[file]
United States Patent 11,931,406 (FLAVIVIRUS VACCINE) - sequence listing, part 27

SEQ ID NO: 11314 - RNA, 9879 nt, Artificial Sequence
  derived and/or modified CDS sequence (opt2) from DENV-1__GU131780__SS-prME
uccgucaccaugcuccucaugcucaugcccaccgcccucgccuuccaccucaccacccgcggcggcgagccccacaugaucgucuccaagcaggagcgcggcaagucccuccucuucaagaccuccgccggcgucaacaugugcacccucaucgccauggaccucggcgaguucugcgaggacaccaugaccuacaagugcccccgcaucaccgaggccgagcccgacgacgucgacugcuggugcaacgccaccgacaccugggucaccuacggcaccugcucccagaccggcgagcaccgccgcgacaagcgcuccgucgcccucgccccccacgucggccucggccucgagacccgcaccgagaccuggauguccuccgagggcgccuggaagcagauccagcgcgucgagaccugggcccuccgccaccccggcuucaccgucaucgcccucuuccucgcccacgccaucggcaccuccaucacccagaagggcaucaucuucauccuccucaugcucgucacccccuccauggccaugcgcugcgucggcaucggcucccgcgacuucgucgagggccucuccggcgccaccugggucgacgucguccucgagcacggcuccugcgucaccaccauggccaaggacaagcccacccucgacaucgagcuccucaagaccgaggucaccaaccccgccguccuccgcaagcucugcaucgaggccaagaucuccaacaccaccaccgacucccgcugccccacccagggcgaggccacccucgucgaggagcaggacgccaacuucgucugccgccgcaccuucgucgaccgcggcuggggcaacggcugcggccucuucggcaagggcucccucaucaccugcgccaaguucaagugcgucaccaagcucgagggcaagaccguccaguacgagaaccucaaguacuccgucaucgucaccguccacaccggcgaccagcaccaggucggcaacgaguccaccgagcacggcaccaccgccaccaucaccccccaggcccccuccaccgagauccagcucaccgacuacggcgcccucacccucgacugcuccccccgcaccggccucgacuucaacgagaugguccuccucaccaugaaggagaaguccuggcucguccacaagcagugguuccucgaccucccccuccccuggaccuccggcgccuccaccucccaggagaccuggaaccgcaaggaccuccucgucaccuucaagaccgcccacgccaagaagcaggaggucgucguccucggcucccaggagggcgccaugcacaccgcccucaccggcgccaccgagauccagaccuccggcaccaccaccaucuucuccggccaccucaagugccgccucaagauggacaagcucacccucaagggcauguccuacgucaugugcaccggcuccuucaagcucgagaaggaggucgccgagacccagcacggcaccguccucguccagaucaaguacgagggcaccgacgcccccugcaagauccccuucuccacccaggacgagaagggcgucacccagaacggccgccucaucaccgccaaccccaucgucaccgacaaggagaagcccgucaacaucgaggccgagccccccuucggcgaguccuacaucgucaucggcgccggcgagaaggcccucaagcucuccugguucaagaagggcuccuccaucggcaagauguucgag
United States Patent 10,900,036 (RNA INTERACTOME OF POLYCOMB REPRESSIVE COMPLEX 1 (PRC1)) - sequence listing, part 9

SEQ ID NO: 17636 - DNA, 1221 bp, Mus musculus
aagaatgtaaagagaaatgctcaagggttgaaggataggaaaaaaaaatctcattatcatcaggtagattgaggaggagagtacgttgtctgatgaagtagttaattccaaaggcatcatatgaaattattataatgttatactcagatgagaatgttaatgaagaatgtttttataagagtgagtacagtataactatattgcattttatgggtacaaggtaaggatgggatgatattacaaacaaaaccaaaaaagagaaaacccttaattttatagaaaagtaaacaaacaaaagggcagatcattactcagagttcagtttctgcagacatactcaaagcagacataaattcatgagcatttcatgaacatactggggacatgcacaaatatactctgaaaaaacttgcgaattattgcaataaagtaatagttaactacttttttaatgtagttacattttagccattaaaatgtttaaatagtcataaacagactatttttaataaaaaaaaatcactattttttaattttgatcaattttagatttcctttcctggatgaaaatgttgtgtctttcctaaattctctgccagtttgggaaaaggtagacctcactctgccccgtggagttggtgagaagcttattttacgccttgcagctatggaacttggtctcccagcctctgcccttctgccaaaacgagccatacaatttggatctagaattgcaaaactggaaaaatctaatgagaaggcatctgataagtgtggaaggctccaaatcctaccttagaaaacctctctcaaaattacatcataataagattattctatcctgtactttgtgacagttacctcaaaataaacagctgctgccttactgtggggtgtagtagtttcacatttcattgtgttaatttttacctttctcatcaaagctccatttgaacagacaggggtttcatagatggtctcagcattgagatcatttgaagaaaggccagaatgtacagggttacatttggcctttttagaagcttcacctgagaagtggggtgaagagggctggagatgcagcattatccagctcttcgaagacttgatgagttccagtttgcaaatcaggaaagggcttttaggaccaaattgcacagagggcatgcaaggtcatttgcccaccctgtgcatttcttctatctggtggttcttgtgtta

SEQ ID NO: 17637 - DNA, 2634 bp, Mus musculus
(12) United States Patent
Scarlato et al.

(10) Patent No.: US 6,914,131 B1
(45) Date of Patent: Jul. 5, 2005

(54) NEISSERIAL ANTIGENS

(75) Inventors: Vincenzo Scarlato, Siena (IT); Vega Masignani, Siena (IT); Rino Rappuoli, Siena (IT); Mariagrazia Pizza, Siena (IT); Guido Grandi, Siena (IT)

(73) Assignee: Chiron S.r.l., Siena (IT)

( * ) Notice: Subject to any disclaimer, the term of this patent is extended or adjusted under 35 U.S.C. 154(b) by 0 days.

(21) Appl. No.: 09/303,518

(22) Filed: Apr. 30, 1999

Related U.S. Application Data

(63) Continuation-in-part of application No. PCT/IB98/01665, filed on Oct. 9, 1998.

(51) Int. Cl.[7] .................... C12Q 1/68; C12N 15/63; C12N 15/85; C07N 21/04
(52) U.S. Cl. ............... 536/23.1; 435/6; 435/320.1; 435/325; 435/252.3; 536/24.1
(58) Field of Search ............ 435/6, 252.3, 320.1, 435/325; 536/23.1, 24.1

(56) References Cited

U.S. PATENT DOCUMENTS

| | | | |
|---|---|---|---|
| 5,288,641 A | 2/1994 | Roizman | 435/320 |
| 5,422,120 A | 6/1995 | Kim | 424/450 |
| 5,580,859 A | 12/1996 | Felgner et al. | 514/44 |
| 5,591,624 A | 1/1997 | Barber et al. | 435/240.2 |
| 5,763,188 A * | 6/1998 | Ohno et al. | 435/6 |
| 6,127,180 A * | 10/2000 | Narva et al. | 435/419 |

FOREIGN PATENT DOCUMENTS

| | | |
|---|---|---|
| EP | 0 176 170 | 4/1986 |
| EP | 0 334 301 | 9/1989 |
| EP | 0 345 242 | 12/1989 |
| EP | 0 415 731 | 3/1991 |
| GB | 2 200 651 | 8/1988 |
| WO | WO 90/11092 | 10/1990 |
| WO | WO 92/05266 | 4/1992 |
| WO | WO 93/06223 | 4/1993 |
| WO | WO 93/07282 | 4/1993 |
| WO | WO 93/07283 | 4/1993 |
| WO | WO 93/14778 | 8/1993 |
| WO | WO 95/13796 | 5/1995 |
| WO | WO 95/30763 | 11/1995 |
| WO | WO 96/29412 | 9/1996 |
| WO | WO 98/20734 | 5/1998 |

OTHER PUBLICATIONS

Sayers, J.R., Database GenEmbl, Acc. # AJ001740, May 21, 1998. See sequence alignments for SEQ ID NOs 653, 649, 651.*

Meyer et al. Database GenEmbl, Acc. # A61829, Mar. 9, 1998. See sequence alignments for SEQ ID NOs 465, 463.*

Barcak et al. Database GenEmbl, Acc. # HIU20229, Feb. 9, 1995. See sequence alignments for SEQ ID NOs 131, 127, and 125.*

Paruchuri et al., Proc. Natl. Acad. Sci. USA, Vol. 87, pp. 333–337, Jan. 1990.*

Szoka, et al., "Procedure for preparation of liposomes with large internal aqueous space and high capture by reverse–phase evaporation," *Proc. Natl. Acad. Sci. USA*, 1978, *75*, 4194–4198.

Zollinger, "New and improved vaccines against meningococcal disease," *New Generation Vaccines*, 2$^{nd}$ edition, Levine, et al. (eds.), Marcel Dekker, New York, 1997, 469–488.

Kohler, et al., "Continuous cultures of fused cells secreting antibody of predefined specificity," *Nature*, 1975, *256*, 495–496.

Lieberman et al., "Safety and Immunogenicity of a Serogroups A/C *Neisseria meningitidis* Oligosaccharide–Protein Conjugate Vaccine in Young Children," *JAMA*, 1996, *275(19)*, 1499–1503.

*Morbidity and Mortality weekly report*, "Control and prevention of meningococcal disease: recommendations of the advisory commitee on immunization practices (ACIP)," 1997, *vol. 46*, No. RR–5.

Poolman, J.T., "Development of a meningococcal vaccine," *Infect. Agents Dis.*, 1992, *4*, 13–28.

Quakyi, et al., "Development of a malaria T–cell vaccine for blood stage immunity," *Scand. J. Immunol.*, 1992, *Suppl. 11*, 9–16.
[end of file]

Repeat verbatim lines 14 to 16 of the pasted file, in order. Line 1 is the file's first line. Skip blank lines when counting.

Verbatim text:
(75) Inventors: Vincenzo Scarlato, Siena (IT); Vega Masignani, Siena (IT); Rino Rappuoli, Siena (IT); Mariagrazia Pizza, Siena (IT); Guido Grandi, Siena (IT)

(73) Assignee: Chiron S.r.l., Siena (IT)

( * ) Notice: Subject to any disclaimer, the term of this patent is extended or adjusted under 35 U.S.C. 154(b) by 0 days.